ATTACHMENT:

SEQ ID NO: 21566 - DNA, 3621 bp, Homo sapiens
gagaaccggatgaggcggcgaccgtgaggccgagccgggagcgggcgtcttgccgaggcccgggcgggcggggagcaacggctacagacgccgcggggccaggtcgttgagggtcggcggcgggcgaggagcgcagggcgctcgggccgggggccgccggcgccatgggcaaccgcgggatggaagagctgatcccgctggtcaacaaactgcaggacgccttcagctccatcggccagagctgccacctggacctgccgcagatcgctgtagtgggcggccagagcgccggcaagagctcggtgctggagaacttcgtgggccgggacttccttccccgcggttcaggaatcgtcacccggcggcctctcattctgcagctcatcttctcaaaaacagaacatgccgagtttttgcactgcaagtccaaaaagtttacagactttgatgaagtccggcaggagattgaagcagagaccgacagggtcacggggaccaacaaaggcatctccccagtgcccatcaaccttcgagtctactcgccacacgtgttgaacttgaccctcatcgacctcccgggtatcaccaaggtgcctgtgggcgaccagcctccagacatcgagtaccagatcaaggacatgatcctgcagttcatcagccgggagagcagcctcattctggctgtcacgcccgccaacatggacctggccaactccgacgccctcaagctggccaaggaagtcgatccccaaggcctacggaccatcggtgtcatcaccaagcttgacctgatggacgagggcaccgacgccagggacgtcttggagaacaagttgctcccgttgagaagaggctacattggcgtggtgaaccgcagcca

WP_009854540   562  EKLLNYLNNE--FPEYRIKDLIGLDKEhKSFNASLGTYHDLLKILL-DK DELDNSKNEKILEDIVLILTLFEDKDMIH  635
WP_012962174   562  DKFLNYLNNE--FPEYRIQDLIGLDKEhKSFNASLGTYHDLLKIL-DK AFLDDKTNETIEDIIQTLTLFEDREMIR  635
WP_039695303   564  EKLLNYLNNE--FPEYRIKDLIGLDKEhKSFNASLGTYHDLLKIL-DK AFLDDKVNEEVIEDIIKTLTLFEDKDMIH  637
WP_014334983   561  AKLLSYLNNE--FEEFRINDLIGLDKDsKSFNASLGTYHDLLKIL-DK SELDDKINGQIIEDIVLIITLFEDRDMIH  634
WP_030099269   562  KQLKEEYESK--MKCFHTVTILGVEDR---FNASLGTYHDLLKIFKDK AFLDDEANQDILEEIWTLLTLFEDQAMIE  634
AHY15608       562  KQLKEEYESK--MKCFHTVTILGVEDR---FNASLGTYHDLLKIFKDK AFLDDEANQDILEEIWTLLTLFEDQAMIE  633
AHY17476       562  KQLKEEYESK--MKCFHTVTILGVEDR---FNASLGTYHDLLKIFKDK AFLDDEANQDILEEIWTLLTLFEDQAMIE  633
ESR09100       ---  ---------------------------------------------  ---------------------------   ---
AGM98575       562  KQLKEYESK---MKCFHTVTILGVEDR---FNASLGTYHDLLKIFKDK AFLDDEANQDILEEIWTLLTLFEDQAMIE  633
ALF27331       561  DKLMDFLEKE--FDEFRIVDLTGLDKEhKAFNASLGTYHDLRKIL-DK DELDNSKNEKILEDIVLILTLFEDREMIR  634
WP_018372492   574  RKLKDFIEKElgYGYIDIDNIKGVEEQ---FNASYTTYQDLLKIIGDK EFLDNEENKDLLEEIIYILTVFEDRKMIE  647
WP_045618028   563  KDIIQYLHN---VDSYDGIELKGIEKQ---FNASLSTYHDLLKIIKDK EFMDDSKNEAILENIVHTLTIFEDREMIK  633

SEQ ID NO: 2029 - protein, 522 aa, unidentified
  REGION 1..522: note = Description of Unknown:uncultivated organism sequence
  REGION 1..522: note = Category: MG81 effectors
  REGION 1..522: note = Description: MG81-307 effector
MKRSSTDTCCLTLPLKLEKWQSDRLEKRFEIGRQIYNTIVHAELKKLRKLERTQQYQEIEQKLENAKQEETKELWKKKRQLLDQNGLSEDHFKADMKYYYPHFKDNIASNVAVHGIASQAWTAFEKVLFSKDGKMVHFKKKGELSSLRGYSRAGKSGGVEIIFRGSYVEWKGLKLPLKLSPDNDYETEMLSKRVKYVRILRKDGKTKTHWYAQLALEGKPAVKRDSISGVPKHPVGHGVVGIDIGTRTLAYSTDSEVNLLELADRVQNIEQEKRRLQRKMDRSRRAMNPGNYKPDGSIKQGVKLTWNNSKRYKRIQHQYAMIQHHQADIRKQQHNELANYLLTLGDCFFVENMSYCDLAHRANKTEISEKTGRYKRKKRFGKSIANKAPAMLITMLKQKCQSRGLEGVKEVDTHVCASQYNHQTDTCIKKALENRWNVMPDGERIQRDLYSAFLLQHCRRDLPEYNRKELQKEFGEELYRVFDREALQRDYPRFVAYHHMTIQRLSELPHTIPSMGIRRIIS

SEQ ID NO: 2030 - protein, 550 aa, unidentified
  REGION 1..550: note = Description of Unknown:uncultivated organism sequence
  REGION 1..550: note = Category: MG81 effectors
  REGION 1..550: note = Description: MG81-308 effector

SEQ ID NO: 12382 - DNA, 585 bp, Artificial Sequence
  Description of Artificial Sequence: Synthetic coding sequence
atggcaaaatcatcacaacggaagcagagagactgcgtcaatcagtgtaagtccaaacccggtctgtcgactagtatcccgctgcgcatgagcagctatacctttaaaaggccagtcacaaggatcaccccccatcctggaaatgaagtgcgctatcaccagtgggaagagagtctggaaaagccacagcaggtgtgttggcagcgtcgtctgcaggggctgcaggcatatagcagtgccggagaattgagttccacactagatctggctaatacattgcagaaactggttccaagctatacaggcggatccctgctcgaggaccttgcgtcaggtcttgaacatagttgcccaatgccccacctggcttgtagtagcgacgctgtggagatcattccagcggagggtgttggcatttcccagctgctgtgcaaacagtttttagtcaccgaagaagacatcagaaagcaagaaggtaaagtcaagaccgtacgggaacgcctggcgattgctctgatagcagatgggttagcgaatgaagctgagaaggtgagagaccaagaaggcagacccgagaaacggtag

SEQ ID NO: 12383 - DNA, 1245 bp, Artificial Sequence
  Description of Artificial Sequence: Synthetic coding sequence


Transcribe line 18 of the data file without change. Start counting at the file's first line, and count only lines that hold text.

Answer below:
  REGION 1..522: note = Description: MG81-307 effector